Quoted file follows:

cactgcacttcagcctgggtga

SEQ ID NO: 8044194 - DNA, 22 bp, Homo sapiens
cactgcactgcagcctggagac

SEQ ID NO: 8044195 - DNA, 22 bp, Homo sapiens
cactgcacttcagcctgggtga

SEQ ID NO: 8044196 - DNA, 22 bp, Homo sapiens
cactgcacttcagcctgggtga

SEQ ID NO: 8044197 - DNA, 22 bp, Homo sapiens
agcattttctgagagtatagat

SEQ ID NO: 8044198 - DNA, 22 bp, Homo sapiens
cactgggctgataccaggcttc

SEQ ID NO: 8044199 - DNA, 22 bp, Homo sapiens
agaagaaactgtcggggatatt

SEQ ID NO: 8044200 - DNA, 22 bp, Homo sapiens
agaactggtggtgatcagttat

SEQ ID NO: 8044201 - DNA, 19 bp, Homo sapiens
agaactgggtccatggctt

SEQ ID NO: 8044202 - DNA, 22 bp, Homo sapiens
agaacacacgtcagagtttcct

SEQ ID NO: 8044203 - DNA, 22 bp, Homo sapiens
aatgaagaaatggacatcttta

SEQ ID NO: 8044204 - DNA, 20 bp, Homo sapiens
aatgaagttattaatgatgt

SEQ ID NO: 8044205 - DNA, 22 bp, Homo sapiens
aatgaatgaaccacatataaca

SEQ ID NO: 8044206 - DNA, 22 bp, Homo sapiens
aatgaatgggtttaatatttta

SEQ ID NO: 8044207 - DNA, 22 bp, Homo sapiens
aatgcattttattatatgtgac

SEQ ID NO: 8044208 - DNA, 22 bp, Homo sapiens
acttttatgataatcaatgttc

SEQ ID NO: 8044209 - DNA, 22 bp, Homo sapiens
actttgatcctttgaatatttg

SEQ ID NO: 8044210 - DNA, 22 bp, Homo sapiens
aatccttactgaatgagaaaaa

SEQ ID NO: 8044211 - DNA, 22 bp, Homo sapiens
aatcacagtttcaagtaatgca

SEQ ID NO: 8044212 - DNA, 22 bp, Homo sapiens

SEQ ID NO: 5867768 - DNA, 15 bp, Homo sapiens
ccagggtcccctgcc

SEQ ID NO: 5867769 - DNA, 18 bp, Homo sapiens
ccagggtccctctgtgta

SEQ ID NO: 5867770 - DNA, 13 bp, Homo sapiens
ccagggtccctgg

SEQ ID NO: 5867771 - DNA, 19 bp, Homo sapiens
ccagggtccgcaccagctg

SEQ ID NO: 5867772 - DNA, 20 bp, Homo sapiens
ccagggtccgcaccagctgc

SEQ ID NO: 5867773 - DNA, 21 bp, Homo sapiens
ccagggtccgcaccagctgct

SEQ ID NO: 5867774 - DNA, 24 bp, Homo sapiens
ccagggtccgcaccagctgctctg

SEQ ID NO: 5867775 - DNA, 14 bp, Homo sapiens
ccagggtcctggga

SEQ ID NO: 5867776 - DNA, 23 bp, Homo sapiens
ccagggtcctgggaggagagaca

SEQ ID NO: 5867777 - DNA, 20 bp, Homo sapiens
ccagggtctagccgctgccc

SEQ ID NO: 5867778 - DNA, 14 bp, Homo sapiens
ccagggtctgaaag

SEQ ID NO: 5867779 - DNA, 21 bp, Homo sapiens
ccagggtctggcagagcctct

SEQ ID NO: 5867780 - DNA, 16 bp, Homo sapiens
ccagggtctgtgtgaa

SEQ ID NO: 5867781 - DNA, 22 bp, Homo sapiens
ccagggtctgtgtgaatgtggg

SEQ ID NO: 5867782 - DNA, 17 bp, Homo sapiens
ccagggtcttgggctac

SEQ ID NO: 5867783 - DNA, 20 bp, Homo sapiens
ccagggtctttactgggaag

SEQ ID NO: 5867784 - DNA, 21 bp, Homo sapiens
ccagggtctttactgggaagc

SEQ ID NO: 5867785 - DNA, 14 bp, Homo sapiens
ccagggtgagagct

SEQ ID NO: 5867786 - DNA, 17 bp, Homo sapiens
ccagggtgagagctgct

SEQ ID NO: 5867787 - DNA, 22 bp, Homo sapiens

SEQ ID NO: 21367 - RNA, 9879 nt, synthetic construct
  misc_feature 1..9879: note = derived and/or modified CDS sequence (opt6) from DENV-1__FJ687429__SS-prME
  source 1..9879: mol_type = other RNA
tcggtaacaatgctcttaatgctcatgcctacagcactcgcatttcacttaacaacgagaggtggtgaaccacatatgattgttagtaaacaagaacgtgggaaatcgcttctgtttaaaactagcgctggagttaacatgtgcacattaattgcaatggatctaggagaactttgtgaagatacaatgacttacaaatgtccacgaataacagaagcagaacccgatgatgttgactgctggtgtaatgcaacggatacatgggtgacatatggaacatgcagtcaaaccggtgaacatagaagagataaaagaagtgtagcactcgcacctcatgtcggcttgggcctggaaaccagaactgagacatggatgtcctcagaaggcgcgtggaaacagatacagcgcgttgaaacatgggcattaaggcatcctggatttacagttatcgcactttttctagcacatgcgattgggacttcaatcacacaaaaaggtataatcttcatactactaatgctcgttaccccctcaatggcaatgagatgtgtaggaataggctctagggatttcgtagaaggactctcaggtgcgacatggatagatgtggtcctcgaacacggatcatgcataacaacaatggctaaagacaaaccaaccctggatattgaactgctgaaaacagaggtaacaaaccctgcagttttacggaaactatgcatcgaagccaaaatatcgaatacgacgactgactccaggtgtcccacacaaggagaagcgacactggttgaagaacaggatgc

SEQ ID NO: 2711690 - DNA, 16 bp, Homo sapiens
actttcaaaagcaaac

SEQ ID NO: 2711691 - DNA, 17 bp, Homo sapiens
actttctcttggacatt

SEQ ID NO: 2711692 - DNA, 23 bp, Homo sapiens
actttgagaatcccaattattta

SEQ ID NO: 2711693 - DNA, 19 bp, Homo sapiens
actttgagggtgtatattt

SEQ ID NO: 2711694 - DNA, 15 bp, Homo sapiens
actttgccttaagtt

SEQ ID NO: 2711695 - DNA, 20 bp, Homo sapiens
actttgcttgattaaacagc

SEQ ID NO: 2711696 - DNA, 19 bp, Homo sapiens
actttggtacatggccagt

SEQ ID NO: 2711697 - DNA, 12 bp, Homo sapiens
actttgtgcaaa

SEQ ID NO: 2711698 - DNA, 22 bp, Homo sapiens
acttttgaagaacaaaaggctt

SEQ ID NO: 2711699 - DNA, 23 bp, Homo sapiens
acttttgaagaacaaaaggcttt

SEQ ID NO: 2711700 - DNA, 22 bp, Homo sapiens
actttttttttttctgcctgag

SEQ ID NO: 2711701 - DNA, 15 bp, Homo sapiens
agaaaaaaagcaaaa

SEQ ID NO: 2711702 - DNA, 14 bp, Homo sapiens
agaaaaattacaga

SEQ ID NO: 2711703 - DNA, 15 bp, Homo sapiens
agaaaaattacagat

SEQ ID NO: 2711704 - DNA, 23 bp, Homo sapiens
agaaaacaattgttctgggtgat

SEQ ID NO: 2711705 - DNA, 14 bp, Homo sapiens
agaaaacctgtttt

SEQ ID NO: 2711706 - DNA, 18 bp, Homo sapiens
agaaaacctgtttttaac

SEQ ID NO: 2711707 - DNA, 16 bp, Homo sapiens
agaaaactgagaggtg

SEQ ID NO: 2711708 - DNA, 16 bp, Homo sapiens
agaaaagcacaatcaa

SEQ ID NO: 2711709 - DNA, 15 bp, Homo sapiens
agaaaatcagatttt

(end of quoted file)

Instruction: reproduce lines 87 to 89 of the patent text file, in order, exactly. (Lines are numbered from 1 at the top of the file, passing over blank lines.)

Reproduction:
actttgagaatcccaattattta

SEQ ID NO: 2711693 - DNA, 19 bp, Homo sapiens
actttgagggtgtatattt